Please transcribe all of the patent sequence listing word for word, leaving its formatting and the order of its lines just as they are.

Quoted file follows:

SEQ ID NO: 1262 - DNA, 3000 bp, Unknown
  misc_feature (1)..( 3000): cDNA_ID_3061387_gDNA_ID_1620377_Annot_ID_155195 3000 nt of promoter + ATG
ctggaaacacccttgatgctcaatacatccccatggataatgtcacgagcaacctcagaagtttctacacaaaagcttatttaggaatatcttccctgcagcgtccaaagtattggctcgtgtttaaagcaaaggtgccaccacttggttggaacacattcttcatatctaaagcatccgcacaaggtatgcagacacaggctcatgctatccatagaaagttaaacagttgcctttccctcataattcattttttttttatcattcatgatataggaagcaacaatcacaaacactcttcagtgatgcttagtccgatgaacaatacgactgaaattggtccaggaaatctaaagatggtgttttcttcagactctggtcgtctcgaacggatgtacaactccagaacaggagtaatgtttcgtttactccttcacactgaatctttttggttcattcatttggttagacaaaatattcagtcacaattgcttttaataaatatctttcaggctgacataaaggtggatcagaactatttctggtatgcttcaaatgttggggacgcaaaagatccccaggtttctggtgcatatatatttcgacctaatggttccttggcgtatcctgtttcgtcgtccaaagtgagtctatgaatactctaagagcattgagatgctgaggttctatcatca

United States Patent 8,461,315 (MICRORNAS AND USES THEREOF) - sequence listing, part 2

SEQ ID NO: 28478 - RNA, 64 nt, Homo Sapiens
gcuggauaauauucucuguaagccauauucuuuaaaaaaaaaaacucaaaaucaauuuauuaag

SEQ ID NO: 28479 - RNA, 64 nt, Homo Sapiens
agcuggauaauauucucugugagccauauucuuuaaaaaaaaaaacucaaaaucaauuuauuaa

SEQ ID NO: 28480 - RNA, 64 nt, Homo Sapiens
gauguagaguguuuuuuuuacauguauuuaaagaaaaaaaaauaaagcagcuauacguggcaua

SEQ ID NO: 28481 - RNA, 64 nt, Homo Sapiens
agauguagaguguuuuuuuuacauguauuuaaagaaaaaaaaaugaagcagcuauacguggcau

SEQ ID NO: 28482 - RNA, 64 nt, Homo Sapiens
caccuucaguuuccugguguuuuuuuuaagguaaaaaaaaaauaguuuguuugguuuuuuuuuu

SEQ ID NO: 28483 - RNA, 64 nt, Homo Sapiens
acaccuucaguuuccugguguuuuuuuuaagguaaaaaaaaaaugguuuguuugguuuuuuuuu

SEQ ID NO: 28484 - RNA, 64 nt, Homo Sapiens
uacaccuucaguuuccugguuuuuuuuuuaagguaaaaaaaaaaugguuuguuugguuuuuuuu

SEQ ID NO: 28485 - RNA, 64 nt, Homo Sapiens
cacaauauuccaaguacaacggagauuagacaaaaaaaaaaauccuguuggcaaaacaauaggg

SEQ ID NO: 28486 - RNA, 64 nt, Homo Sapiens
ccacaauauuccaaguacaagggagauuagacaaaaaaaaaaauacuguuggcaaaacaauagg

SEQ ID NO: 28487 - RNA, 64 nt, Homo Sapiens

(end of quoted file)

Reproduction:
SEQ ID NO: 1262 - DNA, 3000 bp, Unknown
  misc_feature (1)..( 3000): cDNA_ID_3061387_gDNA_ID_1620377_Annot_ID_155195 3000 nt of promoter + ATG
ctggaaacacccttgatgctcaatacatccccatggataatgtcacgagcaacctcagaagtttctacacaaaagcttatttaggaatatcttccctgcagcgtccaaagtattggctcgtgtttaaagcaaaggtgccaccacttggttggaacacattcttcatatctaaagcatccgcacaaggtatgcagacacaggctcatgctatccatagaaagttaaacagttgcctttccctcataattcattttttttttatcattcatgatataggaagcaacaatcacaaacactcttcagtgatgcttagtccgatgaacaatacgactgaaattggtccaggaaatctaaagatggtgttttcttcagactctggtcgtctcgaacggatgtacaactccagaacaggagtaatgtttcgtttactccttcacactgaatctttttggttcattcatttggttagacaaaatattcagtcacaattgcttttaataaatatctttcaggctgacataaaggtggatcagaactatttctggtatgcttcaaatgttggggacgcaaaagatccccaggtttctggtgcatatatatttcgacctaatggttccttggcgtatcctgtttcgtcgtccaaagtgagtctatgaatactctaagagcattgagatgctgaggttctatcatca

United States Patent 8,461,315 (MICRORNAS AND USES THEREOF) - sequence listing, part 2

SEQ ID NO: 28478 - RNA, 64 nt, Homo Sapiens
gcuggauaauauucucuguaagccauauucuuuaaaaaaaaaaacucaaaaucaauuuauuaag

SEQ ID NO: 28479 - RNA, 64 nt, Homo Sapiens
agcuggauaauauucucugugagccauauucuuuaaaaaaaaaaacucaaaaucaauuuauuaa

SEQ ID NO: 28480 - RNA, 64 nt, Homo Sapiens
gauguagaguguuuuuuuuacauguauuuaaagaaaaaaaaauaaagcagcuauacguggcaua

SEQ ID NO: 28481 - RNA, 64 nt, Homo Sapiens
agauguagaguguuuuuuuuacauguauuuaaagaaaaaaaaaugaagcagcuauacguggcau

SEQ ID NO: 28482 - RNA, 64 nt, Homo Sapiens
caccuucaguuuccugguguuuuuuuuaagguaaaaaaaaaauaguuuguuugguuuuuuuuuu

SEQ ID NO: 28483 - RNA, 64 nt, Homo Sapiens
acaccuucaguuuccugguguuuuuuuuaagguaaaaaaaaaaugguuuguuugguuuuuuuuu

SEQ ID NO: 28484 - RNA, 64 nt, Homo Sapiens
uacaccuucaguuuccugguuuuuuuuuuaagguaaaaaaaaaaugguuuguuugguuuuuuuu

SEQ ID NO: 28485 - RNA, 64 nt, Homo Sapiens
cacaauauuccaaguacaacggagauuagacaaaaaaaaaaauccuguuggcaaaacaauaggg

SEQ ID NO: 28486 - RNA, 64 nt, Homo Sapiens
ccacaauauuccaaguacaagggagauuagacaaaaaaaaaaauacuguuggcaaaacaauagg

SEQ ID NO: 28487 - RNA, 64 nt, Homo Sapiens